The Department of Justice (DoJ) today published Research and Statistical Bulletin 3/2019 ‘Perceptions of Crime: Findings from the 2017/18 Northern Ireland Crime Survey’ (NICS). It is a National Statistics publication.
In addition to describing respondents’ perceptions of causes of crime, recent changes in crime levels and the extent of anti-social behaviour in the local area, this National Statistics bulletin illustrates three commonly used measures of concern about crime:
- worry about crime and personal safety;
- perceptions of the risk of victimisation; and
- perceptions of the effect of ‘fear of crime’ on quality of life.
- Drugs (80%), alcohol (60%) and a lack of discipline from parents (53%) were the three factors most commonly identified by NICS 2017/18 respondents as major causes of crime in Northern Ireland today. When asked which single factor they considered to be the main cause of crime, the most common responses, cited by 39% and 17% of respondents respectively, were drugs and a lack of discipline from parents.
- Three-fifths (60%) of NICS 2017/18 respondents thought crime levels in Northern Ireland had increased in the preceding two years. Although this proportion remained unchanged (p<0.05) compared with NICS 2016/17 (57%), the NICS 2017/18 figure is 19 percentage points below that observed in 2003/04 (79%). The proportion of respondents who felt there was less crime in Northern Ireland fell (p<0.05) between NICS 2016/17 and 2017/18, from 14% to 10%.
- As in previous sweeps of the survey, NICS 2017/18 respondents continued to be more positive in their perceptions of crime trends in their local area than at the regional level with 30% believing local crime levels had increased in the preceding two years.
- Based on a seven-strand composite measure, findings from NICS 2017/18 show that 9% of respondents perceived the level of anti-social behaviour (ASB) in their local area to be high, unchanged (p<0.05) from NICS 2016/17 (9%). The equivalent figure for England and Wales was similar at 10% (Crime Survey for England and Wales (CSEW) 2017/18). Across the individual categories, ‘rubbish or litter lying around’ (26%, NICS 2017/18; 30%, CSEW 2017/18) and ‘people using or dealing drugs’ (25% and 23% respectively) were most commonly identified as problems in both jurisdictions.
- Despite a lower prevalence of crime in Northern Ireland than in England and Wales, the proportion of NICS respondents expressing high levels of worry were similar to CSEW rates for the crime types examined: burglary (11%, NICS 2017/18 and 10%, CSEW 2017/18); car crime (8% and 7% respectively); and violent crime (12% for both).
- For the crime types examined, the vast majority of NICS 2017/18 respondents believed it unlikely that they would fall victim during the coming year. Overall, 11% of respondents thought it was likely that they would be the victim of burglary, 9% believed they would experience some form of vehicle-related theft, while 5% perceived themselves to be at risk of violent crime.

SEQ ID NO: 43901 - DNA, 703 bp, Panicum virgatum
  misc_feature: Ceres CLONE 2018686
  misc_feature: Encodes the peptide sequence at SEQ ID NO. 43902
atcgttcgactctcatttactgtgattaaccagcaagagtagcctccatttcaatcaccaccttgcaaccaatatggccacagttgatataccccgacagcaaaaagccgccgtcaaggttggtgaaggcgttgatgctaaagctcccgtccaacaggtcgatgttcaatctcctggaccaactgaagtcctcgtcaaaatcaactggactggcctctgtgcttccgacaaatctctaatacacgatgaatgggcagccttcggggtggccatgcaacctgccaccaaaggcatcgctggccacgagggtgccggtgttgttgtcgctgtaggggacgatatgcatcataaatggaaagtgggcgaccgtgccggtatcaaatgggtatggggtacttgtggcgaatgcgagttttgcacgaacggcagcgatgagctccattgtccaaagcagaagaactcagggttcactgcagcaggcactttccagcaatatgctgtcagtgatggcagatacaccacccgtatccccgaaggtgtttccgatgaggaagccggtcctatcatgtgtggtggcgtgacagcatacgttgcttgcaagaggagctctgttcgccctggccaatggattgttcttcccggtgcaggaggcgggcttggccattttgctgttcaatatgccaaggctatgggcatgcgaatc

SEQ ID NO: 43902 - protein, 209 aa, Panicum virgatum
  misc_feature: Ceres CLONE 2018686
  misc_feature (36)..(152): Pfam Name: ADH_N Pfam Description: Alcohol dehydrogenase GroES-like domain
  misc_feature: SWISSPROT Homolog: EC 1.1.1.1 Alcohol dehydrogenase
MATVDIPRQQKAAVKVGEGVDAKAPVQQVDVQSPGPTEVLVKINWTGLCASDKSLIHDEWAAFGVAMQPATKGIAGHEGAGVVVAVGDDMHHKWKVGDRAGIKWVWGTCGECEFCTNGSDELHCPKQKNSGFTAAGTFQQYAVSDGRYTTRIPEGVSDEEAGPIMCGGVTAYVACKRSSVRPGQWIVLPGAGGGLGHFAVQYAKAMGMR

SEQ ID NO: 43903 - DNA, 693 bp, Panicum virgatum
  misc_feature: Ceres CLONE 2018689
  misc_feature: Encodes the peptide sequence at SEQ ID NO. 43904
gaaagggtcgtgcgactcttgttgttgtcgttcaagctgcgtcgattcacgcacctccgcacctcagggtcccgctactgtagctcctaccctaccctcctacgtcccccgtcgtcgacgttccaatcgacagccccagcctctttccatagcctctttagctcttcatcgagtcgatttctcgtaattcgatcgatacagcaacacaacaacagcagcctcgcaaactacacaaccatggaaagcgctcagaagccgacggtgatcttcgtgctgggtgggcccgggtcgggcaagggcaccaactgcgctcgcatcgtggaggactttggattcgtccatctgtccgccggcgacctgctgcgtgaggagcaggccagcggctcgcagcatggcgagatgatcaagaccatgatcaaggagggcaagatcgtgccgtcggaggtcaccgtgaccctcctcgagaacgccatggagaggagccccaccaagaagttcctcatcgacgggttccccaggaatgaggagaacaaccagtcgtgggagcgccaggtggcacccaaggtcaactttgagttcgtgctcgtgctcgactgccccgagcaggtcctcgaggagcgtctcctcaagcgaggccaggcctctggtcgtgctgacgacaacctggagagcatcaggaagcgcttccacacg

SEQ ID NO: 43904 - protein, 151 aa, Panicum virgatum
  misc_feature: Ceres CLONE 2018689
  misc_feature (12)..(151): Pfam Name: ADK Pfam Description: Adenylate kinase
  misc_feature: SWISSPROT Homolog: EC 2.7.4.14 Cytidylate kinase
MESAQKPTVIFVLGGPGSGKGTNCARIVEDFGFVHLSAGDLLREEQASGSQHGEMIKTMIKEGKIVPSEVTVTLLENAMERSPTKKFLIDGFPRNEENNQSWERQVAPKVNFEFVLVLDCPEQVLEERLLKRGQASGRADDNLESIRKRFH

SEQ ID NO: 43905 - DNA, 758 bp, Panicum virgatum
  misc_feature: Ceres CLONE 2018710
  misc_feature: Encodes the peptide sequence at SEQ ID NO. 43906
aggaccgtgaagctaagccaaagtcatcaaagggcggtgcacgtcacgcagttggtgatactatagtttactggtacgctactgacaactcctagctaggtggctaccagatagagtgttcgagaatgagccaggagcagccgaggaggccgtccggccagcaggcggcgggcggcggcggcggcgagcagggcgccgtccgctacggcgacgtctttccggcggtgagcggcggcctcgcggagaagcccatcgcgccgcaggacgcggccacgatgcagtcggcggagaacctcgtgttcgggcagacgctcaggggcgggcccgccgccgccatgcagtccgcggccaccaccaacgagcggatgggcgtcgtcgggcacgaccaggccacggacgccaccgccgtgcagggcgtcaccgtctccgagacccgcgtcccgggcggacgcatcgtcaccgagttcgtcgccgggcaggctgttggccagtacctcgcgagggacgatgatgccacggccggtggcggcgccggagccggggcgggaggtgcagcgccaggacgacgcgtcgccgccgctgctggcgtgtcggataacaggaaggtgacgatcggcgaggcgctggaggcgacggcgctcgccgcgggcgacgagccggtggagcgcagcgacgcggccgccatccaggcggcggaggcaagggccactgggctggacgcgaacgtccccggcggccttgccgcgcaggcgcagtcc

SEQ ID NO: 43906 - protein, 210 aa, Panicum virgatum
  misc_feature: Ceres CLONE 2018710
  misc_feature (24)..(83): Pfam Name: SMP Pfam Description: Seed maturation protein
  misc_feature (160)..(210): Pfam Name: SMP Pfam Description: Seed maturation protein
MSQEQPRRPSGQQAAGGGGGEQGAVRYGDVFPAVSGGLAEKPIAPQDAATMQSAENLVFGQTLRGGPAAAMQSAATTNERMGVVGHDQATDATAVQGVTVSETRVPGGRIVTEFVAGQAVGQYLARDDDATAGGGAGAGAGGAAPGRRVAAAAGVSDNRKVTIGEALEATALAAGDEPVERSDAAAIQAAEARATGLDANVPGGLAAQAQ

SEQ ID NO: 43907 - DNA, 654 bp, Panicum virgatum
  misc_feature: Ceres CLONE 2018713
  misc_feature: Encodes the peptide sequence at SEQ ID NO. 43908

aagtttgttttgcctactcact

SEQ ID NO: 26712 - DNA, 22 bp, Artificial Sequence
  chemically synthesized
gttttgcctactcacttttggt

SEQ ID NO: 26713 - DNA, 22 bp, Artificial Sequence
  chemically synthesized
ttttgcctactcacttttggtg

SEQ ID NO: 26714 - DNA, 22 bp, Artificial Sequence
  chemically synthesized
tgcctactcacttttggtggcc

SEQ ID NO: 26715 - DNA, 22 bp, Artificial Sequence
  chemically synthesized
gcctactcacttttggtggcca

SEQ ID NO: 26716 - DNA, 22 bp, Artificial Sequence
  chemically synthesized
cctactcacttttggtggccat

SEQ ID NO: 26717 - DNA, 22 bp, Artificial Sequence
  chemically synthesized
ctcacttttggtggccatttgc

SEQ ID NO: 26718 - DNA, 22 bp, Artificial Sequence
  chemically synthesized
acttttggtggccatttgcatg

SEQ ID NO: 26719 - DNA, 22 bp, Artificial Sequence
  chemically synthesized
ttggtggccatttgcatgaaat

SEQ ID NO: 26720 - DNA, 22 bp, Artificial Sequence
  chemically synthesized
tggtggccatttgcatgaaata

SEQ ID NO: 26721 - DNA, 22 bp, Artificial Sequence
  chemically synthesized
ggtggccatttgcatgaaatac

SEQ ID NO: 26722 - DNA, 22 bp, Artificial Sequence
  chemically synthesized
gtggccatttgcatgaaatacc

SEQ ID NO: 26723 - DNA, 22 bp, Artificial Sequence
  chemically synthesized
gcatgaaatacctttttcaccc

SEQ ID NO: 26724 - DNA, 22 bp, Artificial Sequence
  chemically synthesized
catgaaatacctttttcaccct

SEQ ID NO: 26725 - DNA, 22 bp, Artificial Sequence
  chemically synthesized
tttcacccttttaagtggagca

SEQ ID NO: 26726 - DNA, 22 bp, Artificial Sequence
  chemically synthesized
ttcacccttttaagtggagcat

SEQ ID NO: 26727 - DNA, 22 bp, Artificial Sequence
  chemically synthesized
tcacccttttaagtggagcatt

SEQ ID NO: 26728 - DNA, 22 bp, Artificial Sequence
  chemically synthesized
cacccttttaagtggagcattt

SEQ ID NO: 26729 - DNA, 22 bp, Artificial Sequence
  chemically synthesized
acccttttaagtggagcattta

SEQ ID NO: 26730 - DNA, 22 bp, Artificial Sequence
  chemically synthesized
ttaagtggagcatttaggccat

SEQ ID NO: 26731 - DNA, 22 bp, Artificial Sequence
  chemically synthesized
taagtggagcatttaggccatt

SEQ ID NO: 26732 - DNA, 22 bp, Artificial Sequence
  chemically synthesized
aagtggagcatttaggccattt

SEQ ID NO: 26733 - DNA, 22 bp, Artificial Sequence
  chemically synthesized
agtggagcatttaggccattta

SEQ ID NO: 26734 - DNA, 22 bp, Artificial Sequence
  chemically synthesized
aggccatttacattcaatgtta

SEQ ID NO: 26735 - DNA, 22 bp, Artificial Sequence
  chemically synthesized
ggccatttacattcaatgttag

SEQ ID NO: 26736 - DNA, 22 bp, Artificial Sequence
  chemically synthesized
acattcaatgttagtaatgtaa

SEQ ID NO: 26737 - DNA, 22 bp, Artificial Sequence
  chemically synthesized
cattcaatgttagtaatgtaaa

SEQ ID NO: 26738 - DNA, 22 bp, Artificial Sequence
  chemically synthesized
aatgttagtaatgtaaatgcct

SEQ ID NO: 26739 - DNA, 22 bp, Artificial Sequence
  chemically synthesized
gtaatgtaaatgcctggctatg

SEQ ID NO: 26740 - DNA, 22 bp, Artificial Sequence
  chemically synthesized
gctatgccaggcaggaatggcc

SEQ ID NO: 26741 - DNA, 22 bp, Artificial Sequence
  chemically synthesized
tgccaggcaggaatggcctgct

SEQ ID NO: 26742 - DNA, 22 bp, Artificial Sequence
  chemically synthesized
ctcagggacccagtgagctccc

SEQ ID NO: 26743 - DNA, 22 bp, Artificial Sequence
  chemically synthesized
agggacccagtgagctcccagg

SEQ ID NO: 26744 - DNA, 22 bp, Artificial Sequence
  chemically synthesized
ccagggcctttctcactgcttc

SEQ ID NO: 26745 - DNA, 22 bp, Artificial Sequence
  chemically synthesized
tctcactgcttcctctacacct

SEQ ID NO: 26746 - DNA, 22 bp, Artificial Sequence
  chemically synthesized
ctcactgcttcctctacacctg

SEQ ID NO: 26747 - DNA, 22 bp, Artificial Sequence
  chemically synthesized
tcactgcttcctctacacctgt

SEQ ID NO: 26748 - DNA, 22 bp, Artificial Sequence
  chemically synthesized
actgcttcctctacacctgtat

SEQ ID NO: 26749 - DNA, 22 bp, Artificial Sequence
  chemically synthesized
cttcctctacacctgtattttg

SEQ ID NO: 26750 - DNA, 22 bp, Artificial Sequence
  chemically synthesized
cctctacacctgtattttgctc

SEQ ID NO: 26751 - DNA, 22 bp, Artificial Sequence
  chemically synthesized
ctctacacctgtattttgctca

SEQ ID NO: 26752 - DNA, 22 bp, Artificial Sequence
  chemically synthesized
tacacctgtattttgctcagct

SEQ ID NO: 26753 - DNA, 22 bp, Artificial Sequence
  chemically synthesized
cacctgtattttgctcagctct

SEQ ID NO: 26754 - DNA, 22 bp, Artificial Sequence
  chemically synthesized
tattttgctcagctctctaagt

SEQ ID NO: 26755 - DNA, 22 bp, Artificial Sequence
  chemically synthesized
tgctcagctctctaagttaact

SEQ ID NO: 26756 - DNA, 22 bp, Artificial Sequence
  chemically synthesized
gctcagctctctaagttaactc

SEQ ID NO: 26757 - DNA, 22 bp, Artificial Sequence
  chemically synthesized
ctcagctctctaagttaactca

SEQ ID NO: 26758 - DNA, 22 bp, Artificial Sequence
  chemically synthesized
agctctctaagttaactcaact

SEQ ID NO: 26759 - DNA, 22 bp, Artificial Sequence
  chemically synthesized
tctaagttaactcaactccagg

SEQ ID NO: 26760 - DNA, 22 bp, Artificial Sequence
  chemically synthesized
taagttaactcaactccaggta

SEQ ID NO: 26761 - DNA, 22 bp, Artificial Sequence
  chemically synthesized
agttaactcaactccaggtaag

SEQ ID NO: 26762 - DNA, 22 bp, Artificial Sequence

- At 74%, the majority of NICS 2017/18 respondents felt that ‘fear of crime’ has a minimal impact on their quality of life, remaining on a par (p<0.05) with that observed the previous year (72%, NICS 2016/17). A further 22% claimed it has a moderate effect, while the remaining four per cent stated their quality of life is greatly affected by their ‘fear of crime’.
Notes to editors:
1.This is the second publication to be drawn from NICS 2017/18, a representative, continuous personal interview survey of the experiences and perceptions of crime of adults living in private households throughout Northern Ireland. Previously conducted in 1994/95, 1998, 2001 and 2003/04, the NICS began operating on a continuous basis in January 2005. It generally mirrors the format of the Crime Survey for England and Wales (CSEW).
2.An alternative, but complementary, measure of crime to offences recorded by the police, the main aims of NICS are to:
- measure crime victimisation rates experienced by people living in private households regardless of whether or not these crimes were reported to, or recorded by, the police;
- monitor trends in the level of crime, independent of changes in reporting levels or police recording practices;
- measure people’s perceptions of, and reactions to, crime (for example, the level and causes of crime, the extent to which they are concerned about crime and the effect of crime on their quality of life);
- measure public confidence in policing and the wider criminal justice system; and
- collect sensitive information, using self-completion modules, on people’s experiences regarding crime-related issues, such as domestic violence.
3.The bulletin refers to fieldwork undertaken during the financial year 1 April 2017 to 31 March 2018, which involved 1,582 people aged 16 years and over giving complete interviews. This represents an eligible response rate of 52%.
4.National statistics are produced in accordance with the Code of Practice for Statistics. They undergo regular quality assurance reviews to ensure that they meet customer needs. They are produced free from any political interference. They are also subject to restrictions in terms of pre-release access.
5.The bulletin will be available in PDF format only from either the DoJ website (www.justice-ni.gov.uk) or Analytical Services Group, Block B, Castle Buildings, Stormont Estate, Belfast BT4 3SG (Telephone: 028 9052 0185; Email: firstname.lastname@example.org).
6. All media enquiries should be directed to the Department of Justice Press Office on 028 9052 6444. Out of office hours please contact the duty press officer via pager number 028 9037 8110 and your call will be returned.
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